Exploring and Defining the Community Pharmacists' Role in HIV Prevention, Testing and Care

February 4, 2015

The roles that community pharmacists play in human immunodeficiency virus prevention, testing and care are explored in several research and experience articles in the Journal of the American Pharmacists Association. The four articles discuss community pharmacists' roles and pharmacists' perceptions of their patient care services among people living with HIV.

PRESS RELEASE

WASHINGTON, DC — The roles that community pharmacists play in human immunodeficiency virus (HIV) prevention, testing and care are explored in several research and experience articles in the January/February 2015 issue of the Journal of the American Pharmacists Association (JAPhA®). The four articles discuss community pharmacists’ roles and pharmacists’ perceptions of their patient care services among people living with HIV.

CDC estimates that more than 1.1 million people over age 13 are living with HIV infection in the U.S., and almost 16 percent of those are currently unaware of their infection. Over the past decade, the number of new HIV infections in the U.S. has remained relatively stable at about 50,000 per year. Unfortunately, for patients in some rural communities easy access to physicians, hospitals and community health centers prevents testing and treatment. However, more than 85 percent of Americans live within a 10-mile radius of a community pharmacy. The accessibility of local pharmacists is an untapped resource for the delivery of effective and confidential HIV education, testing and care services.

The objective of the lead research article, “Are community-based pharmacists underused in the care of persons living with HIV? A need for structural and policy changes,” by Jennifer Kibicho, PhD, University of Wisconsin-Milwaukee, formerly at the Medical College of Wisconsin, et al., was: “To describe community pharmacists’ perceptions on their current role in direct patient care services, an expanded role for pharmacists in providing patient care services, and changes needed to optimally use pharmacists’ expertise to provide high-quality direct patient care services to people living with HIV infections.”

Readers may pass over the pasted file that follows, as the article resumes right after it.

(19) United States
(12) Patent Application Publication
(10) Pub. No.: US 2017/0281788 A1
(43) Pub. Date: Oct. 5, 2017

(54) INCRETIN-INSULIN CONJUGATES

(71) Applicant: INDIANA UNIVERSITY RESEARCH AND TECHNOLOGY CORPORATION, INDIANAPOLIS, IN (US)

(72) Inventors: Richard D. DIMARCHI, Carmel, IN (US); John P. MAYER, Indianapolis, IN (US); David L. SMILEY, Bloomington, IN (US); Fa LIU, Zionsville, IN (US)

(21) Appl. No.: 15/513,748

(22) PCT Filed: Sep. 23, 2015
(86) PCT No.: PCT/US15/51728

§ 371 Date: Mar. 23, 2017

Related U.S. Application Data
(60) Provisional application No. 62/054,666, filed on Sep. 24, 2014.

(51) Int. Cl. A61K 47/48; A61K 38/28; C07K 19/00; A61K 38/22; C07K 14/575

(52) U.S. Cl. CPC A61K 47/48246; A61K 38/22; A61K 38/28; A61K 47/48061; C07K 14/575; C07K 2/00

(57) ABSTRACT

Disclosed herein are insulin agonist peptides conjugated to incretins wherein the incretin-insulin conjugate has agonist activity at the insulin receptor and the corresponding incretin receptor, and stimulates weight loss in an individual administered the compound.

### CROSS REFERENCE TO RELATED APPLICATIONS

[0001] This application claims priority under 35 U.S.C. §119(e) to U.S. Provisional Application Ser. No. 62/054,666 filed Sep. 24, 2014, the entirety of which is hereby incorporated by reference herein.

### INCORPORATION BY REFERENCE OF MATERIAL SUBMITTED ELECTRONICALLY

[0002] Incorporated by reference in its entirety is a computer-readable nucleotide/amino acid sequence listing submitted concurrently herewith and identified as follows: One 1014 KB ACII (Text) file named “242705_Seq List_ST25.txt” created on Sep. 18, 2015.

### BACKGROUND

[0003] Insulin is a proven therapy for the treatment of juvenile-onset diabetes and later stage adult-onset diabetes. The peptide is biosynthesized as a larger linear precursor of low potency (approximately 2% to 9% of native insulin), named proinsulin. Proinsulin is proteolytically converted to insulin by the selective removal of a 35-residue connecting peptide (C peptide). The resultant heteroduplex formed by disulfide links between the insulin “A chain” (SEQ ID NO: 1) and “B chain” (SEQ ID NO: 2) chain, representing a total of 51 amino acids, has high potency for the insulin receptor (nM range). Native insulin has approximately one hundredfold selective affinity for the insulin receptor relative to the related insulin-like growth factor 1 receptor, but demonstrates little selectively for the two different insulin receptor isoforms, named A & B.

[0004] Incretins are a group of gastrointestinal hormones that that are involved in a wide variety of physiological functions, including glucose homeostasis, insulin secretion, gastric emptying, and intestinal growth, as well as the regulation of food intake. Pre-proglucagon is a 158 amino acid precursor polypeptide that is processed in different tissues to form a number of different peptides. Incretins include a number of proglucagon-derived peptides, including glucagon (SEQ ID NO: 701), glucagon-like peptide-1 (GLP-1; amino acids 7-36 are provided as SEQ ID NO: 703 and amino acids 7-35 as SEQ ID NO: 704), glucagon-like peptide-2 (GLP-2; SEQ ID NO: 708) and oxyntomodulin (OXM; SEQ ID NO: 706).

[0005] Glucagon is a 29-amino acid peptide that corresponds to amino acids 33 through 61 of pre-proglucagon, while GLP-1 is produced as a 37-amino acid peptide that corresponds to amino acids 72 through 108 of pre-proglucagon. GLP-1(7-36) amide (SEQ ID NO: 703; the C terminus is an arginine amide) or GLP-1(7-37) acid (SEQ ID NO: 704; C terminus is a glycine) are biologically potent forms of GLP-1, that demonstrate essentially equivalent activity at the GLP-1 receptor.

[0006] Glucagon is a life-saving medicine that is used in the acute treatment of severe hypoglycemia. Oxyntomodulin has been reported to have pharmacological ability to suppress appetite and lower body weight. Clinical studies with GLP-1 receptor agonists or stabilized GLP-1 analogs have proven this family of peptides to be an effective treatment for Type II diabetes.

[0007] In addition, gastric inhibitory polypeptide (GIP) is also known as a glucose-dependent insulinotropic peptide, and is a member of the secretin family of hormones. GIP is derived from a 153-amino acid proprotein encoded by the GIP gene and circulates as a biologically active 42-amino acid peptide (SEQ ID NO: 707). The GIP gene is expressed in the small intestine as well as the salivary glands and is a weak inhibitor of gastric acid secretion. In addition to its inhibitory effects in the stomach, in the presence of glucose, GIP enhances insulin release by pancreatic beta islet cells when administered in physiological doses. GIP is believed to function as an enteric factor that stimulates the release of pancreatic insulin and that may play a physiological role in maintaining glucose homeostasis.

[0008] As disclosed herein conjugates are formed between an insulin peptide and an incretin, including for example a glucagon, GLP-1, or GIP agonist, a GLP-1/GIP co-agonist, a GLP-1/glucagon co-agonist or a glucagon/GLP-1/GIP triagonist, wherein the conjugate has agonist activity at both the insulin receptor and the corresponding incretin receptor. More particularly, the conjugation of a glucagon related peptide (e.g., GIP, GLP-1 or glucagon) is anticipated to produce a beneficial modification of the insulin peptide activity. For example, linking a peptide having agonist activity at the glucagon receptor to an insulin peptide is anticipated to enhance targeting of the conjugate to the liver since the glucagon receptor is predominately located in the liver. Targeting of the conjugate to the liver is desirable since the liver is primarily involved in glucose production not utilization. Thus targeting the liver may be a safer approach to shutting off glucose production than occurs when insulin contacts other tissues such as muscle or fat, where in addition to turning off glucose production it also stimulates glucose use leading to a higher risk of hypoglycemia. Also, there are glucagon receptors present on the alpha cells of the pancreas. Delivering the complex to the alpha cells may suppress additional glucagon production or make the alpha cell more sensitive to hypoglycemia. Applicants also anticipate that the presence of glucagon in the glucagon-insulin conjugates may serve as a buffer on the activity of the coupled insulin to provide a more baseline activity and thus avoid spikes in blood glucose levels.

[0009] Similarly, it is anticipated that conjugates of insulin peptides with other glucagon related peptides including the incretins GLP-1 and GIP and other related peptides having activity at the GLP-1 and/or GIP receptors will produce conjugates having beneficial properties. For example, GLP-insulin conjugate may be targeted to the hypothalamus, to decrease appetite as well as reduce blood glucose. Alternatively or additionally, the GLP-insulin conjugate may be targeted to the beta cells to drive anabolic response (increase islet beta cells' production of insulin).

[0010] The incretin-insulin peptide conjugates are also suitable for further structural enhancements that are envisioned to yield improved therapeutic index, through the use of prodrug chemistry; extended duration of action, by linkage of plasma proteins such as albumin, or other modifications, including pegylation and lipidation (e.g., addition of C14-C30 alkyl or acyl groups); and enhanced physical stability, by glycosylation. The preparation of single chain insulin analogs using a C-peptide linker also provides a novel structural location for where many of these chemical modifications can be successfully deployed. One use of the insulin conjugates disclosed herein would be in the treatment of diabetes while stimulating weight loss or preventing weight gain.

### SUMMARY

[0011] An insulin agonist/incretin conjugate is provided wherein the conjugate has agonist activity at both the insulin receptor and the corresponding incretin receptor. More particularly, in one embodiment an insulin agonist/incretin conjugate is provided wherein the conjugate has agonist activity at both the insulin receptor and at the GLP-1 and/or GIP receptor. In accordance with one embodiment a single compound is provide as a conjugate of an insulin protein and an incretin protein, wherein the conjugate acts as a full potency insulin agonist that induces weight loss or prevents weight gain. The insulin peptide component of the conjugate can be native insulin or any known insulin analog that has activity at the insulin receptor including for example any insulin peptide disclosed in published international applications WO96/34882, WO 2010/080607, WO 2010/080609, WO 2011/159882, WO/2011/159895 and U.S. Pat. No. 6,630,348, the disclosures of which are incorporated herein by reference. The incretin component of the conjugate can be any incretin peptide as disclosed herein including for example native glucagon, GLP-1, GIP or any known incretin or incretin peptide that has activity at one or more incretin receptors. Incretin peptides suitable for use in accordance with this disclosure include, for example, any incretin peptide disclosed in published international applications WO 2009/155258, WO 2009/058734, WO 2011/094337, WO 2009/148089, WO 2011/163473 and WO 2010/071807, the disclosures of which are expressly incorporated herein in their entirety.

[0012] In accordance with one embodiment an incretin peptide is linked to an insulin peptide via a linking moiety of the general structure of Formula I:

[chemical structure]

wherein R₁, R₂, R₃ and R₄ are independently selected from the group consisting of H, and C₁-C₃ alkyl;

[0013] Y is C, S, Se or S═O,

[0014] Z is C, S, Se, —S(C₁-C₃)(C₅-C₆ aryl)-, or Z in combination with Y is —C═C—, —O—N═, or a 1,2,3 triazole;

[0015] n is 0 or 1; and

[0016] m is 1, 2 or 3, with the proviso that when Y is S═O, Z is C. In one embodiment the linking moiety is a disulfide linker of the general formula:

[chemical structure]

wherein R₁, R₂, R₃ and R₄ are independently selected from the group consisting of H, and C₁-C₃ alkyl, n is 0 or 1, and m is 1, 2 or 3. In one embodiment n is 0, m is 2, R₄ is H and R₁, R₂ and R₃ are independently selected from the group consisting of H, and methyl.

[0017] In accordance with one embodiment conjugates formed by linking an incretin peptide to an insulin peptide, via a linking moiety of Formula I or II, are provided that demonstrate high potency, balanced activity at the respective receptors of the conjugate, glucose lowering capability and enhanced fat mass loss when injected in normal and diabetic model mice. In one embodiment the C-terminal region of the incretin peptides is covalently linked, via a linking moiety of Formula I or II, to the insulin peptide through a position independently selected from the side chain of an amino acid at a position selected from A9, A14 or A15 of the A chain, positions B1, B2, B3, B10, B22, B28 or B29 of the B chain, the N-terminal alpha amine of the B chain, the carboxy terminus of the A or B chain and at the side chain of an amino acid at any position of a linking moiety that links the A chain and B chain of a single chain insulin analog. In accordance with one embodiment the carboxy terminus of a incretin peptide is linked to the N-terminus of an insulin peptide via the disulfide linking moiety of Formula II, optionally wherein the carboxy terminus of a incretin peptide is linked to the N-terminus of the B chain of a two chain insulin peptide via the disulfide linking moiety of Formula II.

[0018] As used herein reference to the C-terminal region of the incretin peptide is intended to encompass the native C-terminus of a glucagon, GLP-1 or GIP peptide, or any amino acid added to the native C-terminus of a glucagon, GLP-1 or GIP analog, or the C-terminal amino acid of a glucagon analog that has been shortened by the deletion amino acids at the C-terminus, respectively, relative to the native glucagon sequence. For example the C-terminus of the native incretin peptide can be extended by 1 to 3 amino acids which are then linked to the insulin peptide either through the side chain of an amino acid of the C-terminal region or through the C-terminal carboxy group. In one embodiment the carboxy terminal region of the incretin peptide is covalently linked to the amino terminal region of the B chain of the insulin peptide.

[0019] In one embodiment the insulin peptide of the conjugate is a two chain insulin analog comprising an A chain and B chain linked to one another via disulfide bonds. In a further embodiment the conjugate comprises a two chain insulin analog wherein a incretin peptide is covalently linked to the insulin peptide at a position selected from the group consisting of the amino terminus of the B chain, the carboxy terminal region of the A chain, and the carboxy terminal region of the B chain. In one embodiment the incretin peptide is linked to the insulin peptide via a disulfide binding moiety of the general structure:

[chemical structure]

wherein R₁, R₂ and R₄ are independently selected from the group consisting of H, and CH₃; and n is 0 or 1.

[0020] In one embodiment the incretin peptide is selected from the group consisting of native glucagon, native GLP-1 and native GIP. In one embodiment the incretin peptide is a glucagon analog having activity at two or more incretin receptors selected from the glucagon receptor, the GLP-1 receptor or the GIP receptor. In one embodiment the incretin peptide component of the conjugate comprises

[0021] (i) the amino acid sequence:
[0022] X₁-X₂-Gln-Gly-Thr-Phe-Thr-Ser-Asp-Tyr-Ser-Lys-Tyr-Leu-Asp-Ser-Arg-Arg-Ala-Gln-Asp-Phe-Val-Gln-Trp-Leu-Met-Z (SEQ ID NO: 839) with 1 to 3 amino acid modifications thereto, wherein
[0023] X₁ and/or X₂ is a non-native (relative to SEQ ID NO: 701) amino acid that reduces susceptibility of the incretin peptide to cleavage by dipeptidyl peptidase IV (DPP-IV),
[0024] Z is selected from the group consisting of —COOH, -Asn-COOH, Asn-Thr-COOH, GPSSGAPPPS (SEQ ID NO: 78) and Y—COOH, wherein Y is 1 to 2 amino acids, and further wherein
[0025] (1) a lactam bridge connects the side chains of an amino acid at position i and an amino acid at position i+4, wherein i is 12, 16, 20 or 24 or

A second research article, “Nonprescription syringe sales: A missed opportunity for HIV prevention in California,” by Robin A. Pollini, PhD, MPH, Pacific Institute for Research and Evaluation, et al., sought to: “assess implementation of California Senate Bill SB41 in two inland California counties where prevalence of injection drug use is among the highest in the nation.”

The objective of an experience report, “Pharmacist-provided rapid HIV testing in two community pharmacies,” by Kristin M. Darin, PharmD, Northwestern University Feinberg School of Medicine, et al., was: “To evaluate the acceptability and feasibility of pharmacist-provided rapid testing for HIV infection in community pharmacies.” The objective of Darin’s related research notes was: “To evaluate consumers’ interest in pharmacist-provided HIV screening and to evaluate potential barriers and facilitators to HIV screening in the community pharmacy setting.”

The full-text articles are available for a limited time, free of charge on the Journal’s website at japha.org. In addition, a copy can be requested by email from mspinnler@aphanet.org.

About the Journal of the American Pharmacists Association

JAPhA is the official peer-reviewed journal of the American Pharmacists Association (APhA). JAPhA is a forum for original research, reviews, experiences and opinion articles that link science to contemporary pharmacy practice to improve patient care. It provides information on pharmaceutical care, drug therapy, diseases and other health issues, trends in pharmacy practice and therapeutics, informed opinion and original research. For more information, please visit www.japha.org.

About the American Pharmacists Association

The American Pharmacists Association, founded in 1852 as the American Pharmaceutical Association, is a 501 (c)(6) organization, representing more than 62,000 practicing pharmacists, pharmaceutical scientists, student pharmacists, pharmacy technicians and others interested in advancing the profession. APhA, dedicated to helping all pharmacists improve medication use and advance patient care, is the first-established and largest association of pharmacists in the United States. For more information, please visit www.pharmacist.com.